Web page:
Americans today are taking less vacation time than ever before. According to a recent Oxford Economics study commissioned by the U.S. Travel Association, American workers take off only 16 days a year, compared with an average of more than 20 as recently as 2000. In 2013, the U.S. workforce used less vacation time than at any point in the past four decades, walking away from a total of roughly $52.4 billion in paid benefits and 169 million days of paid time off—in effect, the researchers write, “providing free labor for their employers at an average of $504 per employee.”
To put it bluntly, what are we thinking? Why aren’t we using our well-earned vacation time?
These are some of the more common excuses:
- “I simply can’t take time away from work. I have too much to do!”
- “If I take vacation, my manager will think that I’m not dedicated to my job, and I won’t get promoted.”
- “I’d feel guilty! Being busy and working is just who I am and what I do.”
For one thing, when being busy at work plays too big a role into our personal identity and self-worth, something’s wrong. If that’s a main reason you can’t find time for vacation, chances are you’re operating from a place of fear. It’s as though we’re worried we won’t measure up if we step away from the daily grind. If you hesitate to use the vacation time your company offers you, it’s time to ask yourself a few tough questions and make a change.
Is it your ability to complete your work? Are you worried the quality your work will suffer if you take a break? Do you fear you’ll harm your relationship with your manager and colleagues? There are usually some underlying insecurities preventing us from taking the vacations we’re owed. But the truth is you deserve it. Don’t let a lack of faith in your professional abilities prevent you from living your life.
It’s likely you’re projecting some insecurities onto your manager. Has she really indicated it isn’t a wise choice to take time off? Which are your company’s expectations and which are your own? Ask what it costs you personally and professionally when you don’t give yourself the opportunity to recharge. Think not just about your performance in the office but about your relationships and your physical, emotional, and spiritual health as well.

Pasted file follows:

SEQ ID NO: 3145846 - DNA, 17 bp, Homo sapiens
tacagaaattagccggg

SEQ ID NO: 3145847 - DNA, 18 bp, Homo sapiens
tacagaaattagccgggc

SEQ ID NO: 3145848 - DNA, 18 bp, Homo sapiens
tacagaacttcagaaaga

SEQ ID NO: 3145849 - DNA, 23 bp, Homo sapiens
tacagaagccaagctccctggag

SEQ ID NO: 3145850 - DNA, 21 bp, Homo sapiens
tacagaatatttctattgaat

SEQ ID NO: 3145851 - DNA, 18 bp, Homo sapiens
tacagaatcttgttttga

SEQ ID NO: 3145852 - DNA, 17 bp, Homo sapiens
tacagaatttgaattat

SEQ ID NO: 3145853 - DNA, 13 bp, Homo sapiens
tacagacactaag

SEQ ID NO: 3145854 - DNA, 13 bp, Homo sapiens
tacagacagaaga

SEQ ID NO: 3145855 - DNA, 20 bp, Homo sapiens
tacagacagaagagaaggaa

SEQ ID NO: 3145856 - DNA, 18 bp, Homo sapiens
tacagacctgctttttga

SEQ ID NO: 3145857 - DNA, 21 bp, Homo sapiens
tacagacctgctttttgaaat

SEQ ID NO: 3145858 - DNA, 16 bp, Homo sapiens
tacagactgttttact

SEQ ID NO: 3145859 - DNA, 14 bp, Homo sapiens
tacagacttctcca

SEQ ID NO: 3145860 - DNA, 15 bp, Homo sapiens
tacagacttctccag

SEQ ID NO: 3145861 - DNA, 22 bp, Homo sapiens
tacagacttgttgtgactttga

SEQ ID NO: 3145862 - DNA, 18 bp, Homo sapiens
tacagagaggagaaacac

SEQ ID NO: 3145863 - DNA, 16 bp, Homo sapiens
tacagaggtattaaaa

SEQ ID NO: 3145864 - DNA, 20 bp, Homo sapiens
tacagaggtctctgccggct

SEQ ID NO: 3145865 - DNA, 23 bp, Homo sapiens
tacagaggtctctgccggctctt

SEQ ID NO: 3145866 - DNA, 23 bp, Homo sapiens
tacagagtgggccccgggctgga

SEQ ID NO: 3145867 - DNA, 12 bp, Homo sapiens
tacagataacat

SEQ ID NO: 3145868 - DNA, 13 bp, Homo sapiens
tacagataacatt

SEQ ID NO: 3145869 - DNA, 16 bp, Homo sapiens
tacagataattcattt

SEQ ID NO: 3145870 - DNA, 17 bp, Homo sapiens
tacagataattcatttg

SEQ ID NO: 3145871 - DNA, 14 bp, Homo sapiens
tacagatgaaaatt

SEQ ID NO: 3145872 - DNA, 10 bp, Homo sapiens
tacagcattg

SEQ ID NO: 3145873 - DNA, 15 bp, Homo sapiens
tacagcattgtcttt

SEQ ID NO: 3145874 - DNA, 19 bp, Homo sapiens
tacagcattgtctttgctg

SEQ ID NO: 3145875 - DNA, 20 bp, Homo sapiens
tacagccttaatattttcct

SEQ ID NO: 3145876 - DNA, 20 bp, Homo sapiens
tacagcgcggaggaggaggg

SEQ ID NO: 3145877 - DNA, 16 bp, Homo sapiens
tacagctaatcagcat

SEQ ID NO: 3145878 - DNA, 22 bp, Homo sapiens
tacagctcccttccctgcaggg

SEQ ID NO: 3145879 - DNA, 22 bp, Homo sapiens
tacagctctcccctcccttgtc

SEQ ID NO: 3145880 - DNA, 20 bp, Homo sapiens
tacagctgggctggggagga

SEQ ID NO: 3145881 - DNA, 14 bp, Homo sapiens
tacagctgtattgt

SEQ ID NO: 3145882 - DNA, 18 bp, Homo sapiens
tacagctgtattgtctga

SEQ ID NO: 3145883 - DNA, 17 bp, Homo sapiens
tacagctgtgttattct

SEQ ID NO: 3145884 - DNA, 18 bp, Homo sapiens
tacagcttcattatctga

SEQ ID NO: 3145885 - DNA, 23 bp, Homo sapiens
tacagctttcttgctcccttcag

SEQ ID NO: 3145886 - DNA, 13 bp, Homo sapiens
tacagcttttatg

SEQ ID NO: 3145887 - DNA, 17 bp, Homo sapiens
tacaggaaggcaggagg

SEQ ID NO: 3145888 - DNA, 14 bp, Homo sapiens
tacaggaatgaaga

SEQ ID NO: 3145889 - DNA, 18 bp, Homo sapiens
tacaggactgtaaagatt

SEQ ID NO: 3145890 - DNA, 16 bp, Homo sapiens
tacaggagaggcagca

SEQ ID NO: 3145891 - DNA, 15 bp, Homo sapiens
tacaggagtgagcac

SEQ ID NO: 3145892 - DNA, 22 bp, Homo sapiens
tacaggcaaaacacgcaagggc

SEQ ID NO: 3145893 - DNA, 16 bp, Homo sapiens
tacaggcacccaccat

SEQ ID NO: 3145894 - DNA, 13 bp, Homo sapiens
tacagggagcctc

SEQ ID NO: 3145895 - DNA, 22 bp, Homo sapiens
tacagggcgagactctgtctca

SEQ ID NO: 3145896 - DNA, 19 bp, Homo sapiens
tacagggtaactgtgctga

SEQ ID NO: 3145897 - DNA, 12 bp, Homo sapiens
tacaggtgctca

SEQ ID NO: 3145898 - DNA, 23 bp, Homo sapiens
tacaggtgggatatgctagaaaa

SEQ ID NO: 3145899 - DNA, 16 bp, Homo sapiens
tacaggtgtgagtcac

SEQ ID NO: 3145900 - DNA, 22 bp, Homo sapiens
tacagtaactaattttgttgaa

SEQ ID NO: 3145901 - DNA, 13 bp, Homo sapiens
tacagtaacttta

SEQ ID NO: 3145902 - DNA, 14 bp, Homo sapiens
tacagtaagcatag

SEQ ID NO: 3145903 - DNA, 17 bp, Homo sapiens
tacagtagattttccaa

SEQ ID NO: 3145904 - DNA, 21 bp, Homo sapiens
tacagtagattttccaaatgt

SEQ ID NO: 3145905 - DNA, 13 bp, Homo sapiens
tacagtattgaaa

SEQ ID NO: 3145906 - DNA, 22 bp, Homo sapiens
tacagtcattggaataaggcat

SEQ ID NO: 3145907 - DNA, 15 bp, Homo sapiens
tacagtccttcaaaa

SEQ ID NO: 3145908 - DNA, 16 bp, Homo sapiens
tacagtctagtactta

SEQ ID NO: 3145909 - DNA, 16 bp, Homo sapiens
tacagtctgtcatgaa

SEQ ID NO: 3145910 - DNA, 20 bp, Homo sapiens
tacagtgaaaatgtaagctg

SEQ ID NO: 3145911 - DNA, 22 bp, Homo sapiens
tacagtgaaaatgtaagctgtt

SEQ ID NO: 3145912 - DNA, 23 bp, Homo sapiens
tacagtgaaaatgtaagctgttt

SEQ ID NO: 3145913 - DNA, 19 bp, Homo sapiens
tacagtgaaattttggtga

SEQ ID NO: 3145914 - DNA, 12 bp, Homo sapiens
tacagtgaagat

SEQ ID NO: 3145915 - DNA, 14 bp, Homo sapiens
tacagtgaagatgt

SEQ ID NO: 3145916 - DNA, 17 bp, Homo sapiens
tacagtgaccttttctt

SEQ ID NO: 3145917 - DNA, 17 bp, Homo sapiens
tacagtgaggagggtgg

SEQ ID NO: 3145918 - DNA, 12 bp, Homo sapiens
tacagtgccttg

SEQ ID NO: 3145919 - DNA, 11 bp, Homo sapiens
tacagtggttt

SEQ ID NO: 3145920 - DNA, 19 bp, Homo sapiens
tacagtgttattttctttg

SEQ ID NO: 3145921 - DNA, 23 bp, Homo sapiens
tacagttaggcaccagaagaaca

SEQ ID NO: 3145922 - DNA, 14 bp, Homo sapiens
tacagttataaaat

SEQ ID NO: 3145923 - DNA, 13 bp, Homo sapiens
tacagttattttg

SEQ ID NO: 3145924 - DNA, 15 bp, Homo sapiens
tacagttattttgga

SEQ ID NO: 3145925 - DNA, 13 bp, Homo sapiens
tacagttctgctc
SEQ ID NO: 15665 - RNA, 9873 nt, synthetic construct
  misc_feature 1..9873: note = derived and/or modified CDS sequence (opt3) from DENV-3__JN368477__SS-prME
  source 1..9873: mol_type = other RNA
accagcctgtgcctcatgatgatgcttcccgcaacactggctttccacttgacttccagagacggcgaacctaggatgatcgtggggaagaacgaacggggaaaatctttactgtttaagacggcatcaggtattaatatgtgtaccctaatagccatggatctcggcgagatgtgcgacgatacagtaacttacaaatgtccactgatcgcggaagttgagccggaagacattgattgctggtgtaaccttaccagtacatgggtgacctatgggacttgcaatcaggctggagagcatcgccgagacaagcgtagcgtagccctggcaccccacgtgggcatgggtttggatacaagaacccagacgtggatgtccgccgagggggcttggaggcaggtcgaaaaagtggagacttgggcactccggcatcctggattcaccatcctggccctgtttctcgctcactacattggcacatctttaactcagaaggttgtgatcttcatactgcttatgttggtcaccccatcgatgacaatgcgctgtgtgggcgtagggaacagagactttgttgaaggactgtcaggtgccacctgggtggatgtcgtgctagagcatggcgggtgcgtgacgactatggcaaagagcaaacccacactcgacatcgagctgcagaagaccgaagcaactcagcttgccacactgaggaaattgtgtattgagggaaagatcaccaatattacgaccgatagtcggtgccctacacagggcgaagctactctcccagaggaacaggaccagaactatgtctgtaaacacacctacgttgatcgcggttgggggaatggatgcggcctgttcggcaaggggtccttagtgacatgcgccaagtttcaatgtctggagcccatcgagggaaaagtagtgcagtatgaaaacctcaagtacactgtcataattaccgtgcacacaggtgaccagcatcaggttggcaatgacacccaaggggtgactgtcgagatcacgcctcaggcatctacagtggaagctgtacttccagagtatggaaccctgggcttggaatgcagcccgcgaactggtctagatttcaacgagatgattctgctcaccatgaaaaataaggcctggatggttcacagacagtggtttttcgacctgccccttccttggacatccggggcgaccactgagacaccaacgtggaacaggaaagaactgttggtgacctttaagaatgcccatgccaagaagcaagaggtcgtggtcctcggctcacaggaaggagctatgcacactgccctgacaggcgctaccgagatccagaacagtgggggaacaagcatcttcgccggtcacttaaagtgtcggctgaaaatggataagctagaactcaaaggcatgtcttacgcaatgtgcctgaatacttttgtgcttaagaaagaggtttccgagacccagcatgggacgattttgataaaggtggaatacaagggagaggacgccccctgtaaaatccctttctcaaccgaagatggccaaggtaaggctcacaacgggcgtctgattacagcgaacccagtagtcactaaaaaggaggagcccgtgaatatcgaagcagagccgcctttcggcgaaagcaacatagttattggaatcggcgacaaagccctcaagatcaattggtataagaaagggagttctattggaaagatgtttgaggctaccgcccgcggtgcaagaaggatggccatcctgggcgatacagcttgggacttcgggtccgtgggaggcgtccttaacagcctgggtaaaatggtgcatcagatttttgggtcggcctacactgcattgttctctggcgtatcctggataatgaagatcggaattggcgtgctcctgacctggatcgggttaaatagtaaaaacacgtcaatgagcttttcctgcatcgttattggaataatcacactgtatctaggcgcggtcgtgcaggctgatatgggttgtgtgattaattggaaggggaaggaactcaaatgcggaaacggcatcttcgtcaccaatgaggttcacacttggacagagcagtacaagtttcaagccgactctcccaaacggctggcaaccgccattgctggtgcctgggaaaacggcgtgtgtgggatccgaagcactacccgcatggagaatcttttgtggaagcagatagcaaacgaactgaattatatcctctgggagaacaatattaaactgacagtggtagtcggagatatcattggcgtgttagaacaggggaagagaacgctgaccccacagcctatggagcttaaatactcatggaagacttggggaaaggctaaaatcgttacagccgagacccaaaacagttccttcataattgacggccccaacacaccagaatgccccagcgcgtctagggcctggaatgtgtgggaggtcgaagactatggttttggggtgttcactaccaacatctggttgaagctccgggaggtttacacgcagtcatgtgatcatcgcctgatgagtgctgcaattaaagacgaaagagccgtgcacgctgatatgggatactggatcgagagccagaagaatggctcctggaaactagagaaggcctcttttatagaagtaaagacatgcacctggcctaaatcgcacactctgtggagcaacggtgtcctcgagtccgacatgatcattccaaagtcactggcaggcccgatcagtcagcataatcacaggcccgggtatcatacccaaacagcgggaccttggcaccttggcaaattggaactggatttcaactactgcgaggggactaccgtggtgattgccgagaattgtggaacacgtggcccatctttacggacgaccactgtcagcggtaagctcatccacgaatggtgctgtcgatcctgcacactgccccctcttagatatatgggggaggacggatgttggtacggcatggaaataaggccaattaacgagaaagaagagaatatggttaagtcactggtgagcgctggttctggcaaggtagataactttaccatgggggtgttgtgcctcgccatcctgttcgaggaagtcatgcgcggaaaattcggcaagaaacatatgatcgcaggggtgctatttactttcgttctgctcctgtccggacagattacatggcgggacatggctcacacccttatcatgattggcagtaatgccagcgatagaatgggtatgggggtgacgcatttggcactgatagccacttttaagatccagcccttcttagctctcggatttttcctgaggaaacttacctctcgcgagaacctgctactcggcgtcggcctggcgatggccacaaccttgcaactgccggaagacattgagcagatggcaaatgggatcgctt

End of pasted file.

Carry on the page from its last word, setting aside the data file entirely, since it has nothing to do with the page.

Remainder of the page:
If you’re really hesitant to block out a full week to go off the grid, don’t. Start small instead. Schedule four hours off one afternoon and explore your city, go to a play or movie, or just read a book. Incremental steps can help chip away at your anxiety about using that vacation time, and sometimes even a few hours off can revitalize you.
Trying to take a vacation just a few weeks from now can be tough—you’re already thinking about which projects will be moving into what stages by that time. Instead, schedule next year’s vacation right now. Yes, schedule all of the vacation you want to take in 2016 right now. Open your calendar and block all of the time you will take off. This includes mini-vacations like a Friday afternoon spent on the golf course. By scheduling your vacation now you ensure that there is dedicated time for your rest and rejuvenation.
If you need need some extra encouragement, check out The Happiness Advantage by Shawn Achor, a book that maps the relationship between positive psychology and productivity. Achor cites research suggesting that companies with happier workers are simply better businesses on a range of measures. Harvard Business Review recently detailed how “the greatest competitive advantage in the modern economy is a positive and engaged brain.” To be truly engaged at work, your brain needs periodic breaks to gain a fresh perspective and renew your energy.
Plenty of companies are already taking note. At Lending Tree, there’s no paid time-off policy at all. Employees can take as many days off as they want. I spoke recently with the company’s director of human resources Michelle Lind, who told me, “We want our employees to be engaged in the business, involved with their job and to achieve their goals. As a result, we do not want to put barriers and fences around their time. If you need a day off, we want you to take it.” That approach nips in the bud most of the anxieties that can hold employees back from taking time off. In effect, Lending Tree trusts them to make decisions that are in their personal and professional best interest.
Bigger companies, including Expedia and Netflix, have also recently revised their vacation and parental leave policies, showing that the long-term, bottom-line benefits to employees are getting more recognition.
In the meantime, don’t wait for your own company to rethink its policies. Take matters into your own hands and take that vacation. If you don’t, you risk undermining your performance and, ultimately, your career. Remember: Life is finite; work is infinite. Go take a vacation.